Pope to skip Holocaust museum on trip to Israel, envoy says

Pope Benedict XVI, shown at the Vatican during a prayer Sunday, has spoken out forcefully against the Holocaust.
Pope Benedict XVI will not visit Israel’s Holocaust museum when he makes his first trip to the region as pope in May, though he will visit an adjacent memorial, his ambassador to Israel said Tuesday.

The museum includes controversial wording that reflects a long-running dispute over the role of Pope Pius XII during World War II. The pope will visit the memorial section of Yad Vashem in Jerusalem, but will not step inside the museum part, the envoy, papal nuncio Antonio Franco, said at a news conference in Jerusalem. Critics have accused Pope Pius of doing too little to prevent the mass murder of European Jews by the Nazis under Adolf Hitler. A caption in the museum says he maintained a neutral position during the years of mass extermination of Europe’s Jews. The Vatican defends him and is gradually opening its archives in an effort to show that he acted behind the scenes. The announcement that Benedict will visit only part of Yad Vashem also follows international outrage over his rehabilitation of a rebel bishop who denied the Nazis systematically murdered 6 million Jews in the Holocaust.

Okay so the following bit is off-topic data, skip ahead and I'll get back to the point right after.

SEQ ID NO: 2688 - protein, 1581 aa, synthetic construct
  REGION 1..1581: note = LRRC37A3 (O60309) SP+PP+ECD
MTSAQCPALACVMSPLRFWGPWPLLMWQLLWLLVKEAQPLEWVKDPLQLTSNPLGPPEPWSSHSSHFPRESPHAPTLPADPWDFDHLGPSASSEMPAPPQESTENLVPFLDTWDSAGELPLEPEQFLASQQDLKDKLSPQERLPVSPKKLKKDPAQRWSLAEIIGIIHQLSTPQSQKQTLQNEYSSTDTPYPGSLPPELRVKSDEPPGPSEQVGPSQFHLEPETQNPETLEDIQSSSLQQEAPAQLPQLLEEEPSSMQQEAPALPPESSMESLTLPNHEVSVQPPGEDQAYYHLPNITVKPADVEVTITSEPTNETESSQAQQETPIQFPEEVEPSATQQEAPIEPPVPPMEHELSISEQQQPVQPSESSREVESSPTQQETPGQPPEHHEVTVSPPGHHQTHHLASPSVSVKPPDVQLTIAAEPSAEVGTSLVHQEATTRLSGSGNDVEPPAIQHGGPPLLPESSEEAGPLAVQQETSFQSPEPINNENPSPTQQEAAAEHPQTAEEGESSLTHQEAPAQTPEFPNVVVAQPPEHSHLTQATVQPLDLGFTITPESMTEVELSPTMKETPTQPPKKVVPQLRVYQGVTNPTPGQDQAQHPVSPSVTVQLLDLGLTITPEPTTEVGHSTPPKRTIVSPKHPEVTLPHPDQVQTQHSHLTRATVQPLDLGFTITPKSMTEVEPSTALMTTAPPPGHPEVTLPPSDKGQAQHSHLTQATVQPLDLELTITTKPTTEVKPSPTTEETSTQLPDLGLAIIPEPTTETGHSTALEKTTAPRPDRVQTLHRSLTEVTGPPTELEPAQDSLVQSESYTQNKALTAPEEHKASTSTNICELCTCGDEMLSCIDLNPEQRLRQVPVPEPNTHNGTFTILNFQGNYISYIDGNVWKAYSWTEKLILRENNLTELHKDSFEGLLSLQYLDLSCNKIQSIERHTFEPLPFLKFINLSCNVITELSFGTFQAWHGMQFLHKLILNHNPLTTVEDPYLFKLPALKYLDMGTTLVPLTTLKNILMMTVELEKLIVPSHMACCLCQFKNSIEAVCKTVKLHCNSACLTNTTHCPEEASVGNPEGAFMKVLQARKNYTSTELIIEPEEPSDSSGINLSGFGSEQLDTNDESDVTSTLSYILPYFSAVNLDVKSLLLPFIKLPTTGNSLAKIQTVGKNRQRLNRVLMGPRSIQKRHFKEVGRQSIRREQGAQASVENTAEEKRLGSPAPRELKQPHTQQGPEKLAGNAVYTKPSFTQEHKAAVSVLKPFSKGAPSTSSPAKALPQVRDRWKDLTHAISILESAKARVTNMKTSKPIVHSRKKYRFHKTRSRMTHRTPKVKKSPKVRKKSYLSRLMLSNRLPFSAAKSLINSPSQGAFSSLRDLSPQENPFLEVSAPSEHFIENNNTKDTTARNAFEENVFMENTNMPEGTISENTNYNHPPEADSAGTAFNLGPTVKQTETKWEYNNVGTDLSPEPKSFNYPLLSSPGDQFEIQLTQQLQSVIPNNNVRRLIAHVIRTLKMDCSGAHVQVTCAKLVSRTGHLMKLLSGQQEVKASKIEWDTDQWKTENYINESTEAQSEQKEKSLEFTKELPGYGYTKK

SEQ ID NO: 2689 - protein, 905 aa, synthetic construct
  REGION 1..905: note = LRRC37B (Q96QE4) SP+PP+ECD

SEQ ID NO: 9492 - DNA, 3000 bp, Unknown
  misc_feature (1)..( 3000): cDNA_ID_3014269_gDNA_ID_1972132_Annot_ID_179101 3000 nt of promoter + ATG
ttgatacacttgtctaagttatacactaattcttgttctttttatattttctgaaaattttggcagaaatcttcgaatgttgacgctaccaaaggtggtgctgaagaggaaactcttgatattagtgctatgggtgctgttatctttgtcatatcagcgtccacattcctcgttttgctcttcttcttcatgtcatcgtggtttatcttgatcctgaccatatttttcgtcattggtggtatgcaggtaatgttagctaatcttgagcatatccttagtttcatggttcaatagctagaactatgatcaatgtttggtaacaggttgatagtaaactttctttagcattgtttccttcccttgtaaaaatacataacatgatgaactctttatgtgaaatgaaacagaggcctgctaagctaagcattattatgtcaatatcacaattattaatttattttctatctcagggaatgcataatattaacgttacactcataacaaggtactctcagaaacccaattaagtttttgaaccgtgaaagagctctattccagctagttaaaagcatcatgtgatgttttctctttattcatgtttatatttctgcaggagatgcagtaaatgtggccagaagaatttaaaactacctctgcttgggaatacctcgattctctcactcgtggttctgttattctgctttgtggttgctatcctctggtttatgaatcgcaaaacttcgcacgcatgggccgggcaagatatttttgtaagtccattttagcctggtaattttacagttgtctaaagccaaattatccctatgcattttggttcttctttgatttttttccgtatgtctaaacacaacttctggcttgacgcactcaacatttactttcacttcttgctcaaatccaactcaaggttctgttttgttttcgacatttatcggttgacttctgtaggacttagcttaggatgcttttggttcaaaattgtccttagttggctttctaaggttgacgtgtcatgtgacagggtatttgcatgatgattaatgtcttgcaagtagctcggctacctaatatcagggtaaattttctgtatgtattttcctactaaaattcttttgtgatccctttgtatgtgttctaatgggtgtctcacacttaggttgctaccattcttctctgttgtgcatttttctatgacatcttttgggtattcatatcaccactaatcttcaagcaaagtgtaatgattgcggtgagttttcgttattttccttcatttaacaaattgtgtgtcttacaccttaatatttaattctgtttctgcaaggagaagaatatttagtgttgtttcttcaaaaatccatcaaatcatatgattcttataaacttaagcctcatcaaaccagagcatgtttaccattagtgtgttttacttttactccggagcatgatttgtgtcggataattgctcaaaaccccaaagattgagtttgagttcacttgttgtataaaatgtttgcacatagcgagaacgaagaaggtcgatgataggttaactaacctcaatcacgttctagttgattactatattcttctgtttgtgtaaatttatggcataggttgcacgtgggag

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The Vatican ordered the bishop, Richard Williamson, to recant, and said the pope was not aware of Williamson’s views on the Holocaust when he lifted the excommunication of the bishop. Benedict, who was born in Germany and forced to join the Hitler Youth as a teenager, has spoken out forcefully against the Holocaust on a number of occasions, including on a visit to the site of the Auschwitz concentration camp.